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Demand for bush meat threatens survival of wildlife

31 August 2001 | General News

Increasing demand for bush meat in homes and chop bars is threatening the survival of many wildlife species in Ghana, Conservation International (CI), an environmental NGO, said on Thursday.
Okyeame Ampadu-Agyei, Country Director of CI, told a press conference in Accra that if the current rate of exploitation by commercial bush meat traders continued, some endangered species in forest regions would become extinct .
He said trading in bush meat has become the most immediate threat to biodiversity conservation.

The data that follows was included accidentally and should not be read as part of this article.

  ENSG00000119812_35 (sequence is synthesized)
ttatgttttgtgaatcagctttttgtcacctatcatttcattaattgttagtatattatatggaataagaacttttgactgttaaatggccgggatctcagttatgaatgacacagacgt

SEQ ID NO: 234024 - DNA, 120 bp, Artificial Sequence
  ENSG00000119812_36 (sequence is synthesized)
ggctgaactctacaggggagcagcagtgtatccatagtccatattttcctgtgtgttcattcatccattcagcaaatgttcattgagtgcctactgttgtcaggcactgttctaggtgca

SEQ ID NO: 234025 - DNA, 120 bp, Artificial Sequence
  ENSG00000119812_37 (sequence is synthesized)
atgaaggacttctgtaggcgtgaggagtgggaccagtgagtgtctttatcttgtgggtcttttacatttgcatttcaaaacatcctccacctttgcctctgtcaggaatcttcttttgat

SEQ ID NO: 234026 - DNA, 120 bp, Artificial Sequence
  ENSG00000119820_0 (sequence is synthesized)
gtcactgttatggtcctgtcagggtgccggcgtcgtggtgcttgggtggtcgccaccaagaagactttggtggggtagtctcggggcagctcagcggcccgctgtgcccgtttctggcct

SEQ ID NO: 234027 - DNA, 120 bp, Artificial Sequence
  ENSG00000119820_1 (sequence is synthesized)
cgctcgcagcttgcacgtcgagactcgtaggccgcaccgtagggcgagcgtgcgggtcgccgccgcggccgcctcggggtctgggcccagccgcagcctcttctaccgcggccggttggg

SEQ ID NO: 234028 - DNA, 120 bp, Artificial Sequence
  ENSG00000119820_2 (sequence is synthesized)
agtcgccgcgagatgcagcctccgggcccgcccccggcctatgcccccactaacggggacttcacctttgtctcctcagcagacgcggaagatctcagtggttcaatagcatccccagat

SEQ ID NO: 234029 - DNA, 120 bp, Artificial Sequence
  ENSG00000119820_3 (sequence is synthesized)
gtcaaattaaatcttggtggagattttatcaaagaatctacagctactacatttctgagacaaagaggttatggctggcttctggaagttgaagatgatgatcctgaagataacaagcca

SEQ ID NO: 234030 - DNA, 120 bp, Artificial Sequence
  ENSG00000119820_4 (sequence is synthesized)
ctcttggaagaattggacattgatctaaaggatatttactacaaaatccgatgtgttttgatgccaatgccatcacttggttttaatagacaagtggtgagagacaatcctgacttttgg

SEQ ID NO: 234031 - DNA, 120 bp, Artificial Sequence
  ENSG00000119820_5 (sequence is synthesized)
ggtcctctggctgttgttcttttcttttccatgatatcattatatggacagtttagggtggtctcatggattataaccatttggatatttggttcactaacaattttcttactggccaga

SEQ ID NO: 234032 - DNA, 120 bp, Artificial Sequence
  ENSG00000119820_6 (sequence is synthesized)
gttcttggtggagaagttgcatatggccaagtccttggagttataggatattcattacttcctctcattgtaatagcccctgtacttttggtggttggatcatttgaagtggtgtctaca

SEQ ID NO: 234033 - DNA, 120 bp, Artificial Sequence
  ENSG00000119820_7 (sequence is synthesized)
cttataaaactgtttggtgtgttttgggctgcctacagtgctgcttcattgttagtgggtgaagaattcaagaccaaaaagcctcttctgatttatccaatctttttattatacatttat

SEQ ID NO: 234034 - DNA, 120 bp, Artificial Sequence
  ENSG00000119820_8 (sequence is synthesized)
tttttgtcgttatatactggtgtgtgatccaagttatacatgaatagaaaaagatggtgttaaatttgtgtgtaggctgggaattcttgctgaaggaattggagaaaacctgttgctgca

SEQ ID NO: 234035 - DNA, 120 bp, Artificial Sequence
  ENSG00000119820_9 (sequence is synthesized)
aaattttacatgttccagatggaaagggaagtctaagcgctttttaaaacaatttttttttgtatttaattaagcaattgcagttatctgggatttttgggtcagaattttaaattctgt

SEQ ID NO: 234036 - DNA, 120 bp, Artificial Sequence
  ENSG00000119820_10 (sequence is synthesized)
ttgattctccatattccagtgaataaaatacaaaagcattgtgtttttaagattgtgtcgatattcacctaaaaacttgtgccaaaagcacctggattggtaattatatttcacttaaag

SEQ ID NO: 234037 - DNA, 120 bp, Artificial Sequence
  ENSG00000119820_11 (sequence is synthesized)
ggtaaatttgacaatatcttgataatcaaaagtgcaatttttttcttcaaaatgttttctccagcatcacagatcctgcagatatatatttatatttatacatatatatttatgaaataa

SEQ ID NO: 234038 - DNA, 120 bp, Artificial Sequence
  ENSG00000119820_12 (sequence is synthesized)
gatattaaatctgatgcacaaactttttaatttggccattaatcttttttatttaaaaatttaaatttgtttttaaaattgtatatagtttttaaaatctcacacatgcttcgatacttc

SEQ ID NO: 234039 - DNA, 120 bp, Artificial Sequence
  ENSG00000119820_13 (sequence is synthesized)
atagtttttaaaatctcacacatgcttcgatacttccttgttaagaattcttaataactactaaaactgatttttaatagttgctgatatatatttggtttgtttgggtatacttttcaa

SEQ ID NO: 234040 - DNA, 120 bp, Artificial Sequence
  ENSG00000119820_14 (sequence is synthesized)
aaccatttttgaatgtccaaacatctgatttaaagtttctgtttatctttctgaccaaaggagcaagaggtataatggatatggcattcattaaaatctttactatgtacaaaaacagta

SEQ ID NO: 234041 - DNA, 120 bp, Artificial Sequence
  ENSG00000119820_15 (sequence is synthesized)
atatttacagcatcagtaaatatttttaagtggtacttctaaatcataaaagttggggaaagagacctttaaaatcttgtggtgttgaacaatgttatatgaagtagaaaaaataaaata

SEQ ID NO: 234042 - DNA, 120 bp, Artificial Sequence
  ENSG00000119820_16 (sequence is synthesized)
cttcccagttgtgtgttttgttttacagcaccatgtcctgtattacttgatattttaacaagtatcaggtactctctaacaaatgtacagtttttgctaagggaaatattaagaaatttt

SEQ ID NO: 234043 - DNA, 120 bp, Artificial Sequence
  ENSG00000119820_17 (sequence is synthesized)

Market surveys indicated that species that were wholly or partially protected by Ghana's wildlife laws were being traded openly at Kantamanto market in Accra and Atwemonom market in Kumasi, he observed.
Data from market surveys in Kumasi also showed that all species regardless of their conservation status, were hunted and traded openly in the markets.
This, he said, was a clear evidence that the 'closed season' for hunting was not being observed.
The Ghana Wildlife division of the Forestry Commission puts a ban on hunting from August 1 to December 1 every year. This period, known as the 'closed season', is to enable the wildlife to reproduce, wean their young ones and prepare them for maturation.
Okyeame Ampadu-Agyei said the annual estimate of bush meat sold in the country stands at about 384,000 metric tons valued at 350 million dollars.

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